Jesus was in the Boat

A study on the stilling of the storm

Time to read: 4 mins

And the same day, when the even was come, he saith unto them, Let us pass over unto the other side. And when they had sent away the multitude, they took him even as he was in the ship. And there were also with him other little ships. And there arose a great storm of wind, and the waves beat into the ship, so that it was now full. And he was in the hinder part of the ship, asleep on a pillow: and they awake him, and say unto him, Master, carest thou not that we perish? And he arose, and rebuked the wind, and said unto the sea, Peace, be still. And the wind ceased, and there was a great calm. And he said unto them, Why are ye so fearful? how is it that ye have no faith? And they feared exceedingly, and said one to another, What manner of man is this, that even the wind and the sea obey him? (Mark 4:35-41).

This short passage is very instructive. It is an illustration of the Christian life which can be pictured as a voyage in a boat.

The unexpected storm

The disciples were sailing across a calm sea, when suddenly there was a great storm. Sometimes storms arise unexpectedly in our circumstances. Life may seem to be going along well, when all of a sudden something happens which takes us by surprise and upsets the calm. This could be anything from illness or injury to redundancy, failing an exam or a broken relationship. It could also be a spiritual storm, the realisation of sin and the need for salvation, or a time of backsliding in the Christian’s life. Being a Christian doesn’t make you immune to trouble. Jesus was in the boat with the disciples, but his presence did not prevent the storm from coming.

The disciples’ response

The storm made the disciples afraid and in their fear they turned to Jesus. This was the right response, but consider their attitude. Their words were, ‘Master, carest thou not that we perish?‘ In effect, they were accusing Jesus of not caring for their wellbeing. Often, when trouble comes this is our response. We turn to God, but our attitude is one of accusation – we question God’s care and wisdom in allowing the storm to have come into our lives. Instead we should be seeking God’s help in an attitude of submission and faith, trusting that he is working all things together for our good (Romans 8:28).

Jesus’s power

Jesus’s response in verse 39 was to stop the wind and calm the sea. Even though the disciples came with a wrong attitude, Jesus calmed the storm. This demonstrates not only Jesus’s power over all circumstances, but also his love for His people. He will hear our prayers even when our attitude is wrong, although sometimes he may delay his response to teach us this.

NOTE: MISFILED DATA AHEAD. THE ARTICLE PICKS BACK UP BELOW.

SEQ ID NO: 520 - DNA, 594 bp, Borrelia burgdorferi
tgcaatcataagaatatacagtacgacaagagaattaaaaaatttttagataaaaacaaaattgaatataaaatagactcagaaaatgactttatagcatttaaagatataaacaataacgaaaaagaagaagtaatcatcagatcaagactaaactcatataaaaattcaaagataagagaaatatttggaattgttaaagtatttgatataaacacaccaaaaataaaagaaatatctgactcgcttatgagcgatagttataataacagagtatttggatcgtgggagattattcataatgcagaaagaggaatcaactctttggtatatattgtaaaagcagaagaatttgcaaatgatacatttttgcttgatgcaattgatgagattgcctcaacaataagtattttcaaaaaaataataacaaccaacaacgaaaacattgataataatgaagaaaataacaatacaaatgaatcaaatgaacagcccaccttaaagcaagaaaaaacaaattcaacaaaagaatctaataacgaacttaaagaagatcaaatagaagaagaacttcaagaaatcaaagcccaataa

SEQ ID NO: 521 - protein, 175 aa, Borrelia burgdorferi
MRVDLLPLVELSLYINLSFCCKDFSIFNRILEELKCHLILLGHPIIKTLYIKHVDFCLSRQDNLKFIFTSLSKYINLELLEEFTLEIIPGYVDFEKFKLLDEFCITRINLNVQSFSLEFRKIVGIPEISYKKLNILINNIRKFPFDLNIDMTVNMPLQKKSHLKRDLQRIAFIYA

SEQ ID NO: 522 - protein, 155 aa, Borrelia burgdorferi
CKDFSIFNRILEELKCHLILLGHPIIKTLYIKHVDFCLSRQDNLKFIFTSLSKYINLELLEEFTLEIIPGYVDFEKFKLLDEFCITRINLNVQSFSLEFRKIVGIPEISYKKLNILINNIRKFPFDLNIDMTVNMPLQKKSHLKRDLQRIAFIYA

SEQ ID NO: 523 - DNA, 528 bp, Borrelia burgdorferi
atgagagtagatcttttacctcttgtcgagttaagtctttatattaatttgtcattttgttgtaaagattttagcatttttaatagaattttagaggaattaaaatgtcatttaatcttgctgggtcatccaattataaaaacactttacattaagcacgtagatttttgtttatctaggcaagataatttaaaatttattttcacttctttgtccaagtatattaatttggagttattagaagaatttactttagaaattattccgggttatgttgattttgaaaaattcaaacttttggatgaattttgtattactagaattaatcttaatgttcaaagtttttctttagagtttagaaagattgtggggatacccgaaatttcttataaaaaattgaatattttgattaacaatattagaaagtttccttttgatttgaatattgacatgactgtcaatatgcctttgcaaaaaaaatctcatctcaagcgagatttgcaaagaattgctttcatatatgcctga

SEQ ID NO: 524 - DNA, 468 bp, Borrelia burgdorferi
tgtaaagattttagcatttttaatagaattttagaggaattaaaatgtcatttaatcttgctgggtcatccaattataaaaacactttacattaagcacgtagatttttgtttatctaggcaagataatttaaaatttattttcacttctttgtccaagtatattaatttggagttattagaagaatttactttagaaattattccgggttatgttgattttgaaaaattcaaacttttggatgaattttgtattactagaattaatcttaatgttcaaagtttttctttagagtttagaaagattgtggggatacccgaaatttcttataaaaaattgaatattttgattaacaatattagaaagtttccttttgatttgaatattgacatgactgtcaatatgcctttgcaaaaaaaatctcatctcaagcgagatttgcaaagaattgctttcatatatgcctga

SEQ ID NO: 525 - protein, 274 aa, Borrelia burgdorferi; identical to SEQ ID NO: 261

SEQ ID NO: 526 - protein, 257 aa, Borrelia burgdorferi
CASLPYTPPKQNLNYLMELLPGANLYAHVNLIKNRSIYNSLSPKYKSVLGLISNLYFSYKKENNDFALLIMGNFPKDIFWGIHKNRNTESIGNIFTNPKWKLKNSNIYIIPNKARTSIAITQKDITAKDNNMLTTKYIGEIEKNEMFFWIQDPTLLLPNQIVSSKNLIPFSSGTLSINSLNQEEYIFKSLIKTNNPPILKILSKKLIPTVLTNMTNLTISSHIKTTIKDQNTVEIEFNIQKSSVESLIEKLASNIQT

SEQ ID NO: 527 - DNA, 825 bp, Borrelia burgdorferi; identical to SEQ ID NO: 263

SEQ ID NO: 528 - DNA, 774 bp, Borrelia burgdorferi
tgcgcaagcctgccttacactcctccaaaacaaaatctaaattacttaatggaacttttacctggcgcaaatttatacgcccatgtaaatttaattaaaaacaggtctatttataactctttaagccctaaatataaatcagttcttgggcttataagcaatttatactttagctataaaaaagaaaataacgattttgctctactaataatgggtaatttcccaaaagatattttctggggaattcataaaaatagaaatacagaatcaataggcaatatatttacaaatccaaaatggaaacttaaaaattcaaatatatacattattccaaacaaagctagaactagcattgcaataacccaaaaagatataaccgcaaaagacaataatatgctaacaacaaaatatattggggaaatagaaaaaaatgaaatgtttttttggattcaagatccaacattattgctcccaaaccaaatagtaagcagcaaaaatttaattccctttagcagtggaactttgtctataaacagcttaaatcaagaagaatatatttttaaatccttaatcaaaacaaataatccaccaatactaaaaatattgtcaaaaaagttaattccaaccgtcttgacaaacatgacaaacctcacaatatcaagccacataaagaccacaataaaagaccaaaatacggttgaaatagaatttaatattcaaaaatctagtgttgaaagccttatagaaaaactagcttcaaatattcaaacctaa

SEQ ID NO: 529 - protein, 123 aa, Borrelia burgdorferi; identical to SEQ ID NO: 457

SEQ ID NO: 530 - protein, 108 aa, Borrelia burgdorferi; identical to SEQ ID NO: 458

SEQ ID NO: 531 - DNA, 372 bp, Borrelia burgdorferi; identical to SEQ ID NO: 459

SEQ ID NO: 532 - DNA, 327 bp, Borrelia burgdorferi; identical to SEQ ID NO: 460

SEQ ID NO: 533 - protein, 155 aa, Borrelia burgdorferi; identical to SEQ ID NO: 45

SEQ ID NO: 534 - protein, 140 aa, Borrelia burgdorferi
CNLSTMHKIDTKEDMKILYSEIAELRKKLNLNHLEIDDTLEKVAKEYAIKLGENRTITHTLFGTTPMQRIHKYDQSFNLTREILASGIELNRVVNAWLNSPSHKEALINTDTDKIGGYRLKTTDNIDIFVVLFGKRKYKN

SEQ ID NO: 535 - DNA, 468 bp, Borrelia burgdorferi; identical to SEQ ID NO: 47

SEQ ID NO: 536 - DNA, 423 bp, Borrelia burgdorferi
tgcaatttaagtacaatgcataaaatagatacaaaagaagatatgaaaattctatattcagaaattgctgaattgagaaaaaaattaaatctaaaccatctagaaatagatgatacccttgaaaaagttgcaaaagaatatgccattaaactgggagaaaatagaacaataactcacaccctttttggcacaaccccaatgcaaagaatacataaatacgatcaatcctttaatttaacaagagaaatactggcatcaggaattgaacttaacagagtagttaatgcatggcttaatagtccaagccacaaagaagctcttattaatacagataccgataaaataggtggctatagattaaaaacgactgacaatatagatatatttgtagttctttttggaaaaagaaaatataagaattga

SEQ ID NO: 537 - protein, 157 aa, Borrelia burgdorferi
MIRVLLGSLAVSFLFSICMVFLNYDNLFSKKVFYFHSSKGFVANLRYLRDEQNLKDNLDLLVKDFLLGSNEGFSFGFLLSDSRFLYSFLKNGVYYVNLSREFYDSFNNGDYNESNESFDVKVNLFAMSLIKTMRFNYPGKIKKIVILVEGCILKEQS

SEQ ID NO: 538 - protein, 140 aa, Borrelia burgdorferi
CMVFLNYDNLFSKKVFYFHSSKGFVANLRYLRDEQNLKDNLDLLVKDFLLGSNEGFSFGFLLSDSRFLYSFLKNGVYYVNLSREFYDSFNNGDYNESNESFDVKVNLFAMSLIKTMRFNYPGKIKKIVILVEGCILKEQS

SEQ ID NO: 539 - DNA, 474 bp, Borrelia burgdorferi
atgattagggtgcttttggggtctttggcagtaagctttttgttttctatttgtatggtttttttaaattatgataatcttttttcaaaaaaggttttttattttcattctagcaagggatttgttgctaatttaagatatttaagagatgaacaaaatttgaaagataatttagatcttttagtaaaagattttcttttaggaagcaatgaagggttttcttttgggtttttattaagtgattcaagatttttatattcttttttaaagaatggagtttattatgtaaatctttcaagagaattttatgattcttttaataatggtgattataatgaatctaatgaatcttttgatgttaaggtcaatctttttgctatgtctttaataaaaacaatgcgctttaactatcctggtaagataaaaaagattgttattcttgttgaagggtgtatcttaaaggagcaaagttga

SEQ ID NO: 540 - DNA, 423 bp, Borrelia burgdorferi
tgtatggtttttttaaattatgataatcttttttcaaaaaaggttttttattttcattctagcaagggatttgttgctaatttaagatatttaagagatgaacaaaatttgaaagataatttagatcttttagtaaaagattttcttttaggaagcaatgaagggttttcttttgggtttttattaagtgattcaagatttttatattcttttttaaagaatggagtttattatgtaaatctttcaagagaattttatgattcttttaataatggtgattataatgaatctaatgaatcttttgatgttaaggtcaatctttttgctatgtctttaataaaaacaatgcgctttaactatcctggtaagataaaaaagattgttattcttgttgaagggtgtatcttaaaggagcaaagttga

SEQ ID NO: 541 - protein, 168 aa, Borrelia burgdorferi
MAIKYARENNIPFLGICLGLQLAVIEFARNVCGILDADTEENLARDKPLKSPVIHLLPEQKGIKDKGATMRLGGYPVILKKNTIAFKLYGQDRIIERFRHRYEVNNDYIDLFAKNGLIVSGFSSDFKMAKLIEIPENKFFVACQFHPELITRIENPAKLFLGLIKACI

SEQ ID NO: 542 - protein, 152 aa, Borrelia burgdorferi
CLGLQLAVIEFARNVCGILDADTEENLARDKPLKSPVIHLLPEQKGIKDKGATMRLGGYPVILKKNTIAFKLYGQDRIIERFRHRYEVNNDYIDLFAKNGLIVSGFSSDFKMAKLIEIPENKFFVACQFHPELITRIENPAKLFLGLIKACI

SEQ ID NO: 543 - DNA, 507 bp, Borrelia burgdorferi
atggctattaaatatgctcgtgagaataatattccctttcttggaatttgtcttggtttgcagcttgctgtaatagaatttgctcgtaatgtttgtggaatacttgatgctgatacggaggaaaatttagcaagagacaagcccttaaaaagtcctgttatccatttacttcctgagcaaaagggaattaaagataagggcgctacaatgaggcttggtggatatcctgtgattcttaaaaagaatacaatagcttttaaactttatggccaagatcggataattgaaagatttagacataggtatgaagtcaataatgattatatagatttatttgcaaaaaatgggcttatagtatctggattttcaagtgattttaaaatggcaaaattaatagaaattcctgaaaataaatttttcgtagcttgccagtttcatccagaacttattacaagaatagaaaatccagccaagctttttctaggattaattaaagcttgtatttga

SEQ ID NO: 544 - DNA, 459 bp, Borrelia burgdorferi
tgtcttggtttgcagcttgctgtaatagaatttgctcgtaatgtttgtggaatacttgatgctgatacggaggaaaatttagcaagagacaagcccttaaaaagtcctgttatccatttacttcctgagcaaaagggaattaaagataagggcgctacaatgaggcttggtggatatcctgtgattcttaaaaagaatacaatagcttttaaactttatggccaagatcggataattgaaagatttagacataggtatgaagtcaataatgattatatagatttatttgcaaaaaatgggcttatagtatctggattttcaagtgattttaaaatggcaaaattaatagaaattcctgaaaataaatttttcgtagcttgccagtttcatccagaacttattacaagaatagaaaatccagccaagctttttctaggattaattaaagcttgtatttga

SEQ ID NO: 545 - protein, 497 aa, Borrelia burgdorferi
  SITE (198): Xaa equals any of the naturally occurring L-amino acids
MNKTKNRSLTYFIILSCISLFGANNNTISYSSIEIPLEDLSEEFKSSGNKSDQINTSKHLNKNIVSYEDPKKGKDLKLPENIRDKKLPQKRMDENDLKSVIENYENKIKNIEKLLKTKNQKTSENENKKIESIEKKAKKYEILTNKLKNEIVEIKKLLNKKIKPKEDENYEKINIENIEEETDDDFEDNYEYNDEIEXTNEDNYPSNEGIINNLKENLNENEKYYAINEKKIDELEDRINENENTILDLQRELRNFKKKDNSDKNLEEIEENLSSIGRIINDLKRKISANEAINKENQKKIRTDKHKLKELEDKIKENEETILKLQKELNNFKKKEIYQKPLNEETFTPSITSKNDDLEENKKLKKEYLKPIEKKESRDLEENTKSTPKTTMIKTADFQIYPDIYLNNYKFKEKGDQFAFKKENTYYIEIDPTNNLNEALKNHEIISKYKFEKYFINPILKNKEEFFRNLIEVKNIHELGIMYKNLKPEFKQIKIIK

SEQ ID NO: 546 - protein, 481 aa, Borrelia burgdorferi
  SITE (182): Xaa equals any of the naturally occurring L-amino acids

Jesus’s question

In verse 41 Jesus asks a question, ‘Why are ye so fearful? How is it that ye have no faith?‘. He had calmed the storm, but he now asked a question and in doing so gives a rebuke. The disciples had been with Jesus for a long time and had seen many miracles, yet this storm set them panicking. Jesus’s question teaches an important lesson – if Jesus is with us in the boat of life’s journey, then we have no right ever to be afraid. Even if a storm comes and God seems to be asleep and not taking notice of the trouble we are in, we know that He is still in control of every circumstance. If ‘even the very hairs of your head are all numbered‘ (Matthew 10:30) you can be sure that God knows and cares about every storm which comes into your life.

Is Jesus in your boat?

If you are a Christian then Jesus is in your boat. He will travel the voyage of life with you and at its end will be there when you die. You can be sure that he hears your prayers when you cry to him in the storms of life – spiritual and providential. This passage teaches us so clearly that Jesus has the power to calm these storms, to change circumstances and to bring us into calmer waters. However, we must remember that his answers will not always be instant, sometimes he delays, or answers in an unexpected way. He may give us peace and calm in our hearts in the middle of the storm, rather than taking the storm away. God knows what is best.

If you are not a Christian, then think hard about your situation. You are alone in your boat without Jesus to help you or to calm the storms that arise. If you feel your need of Jesus and turn to him seeking forgiveness for your sins then he will come into your life and sail with you as you move forward. However, beware, if Jesus never comes into your boat with you, then when the final storm of death comes you will be on your own. You’ll face God in the day of judgement alone. Without Jesus this is a storm that will cause utter shipwreck – you will sink and be separated from him without hope forever.

Is Jesus with you in your boat?

[A00064 – 24/02/2018]

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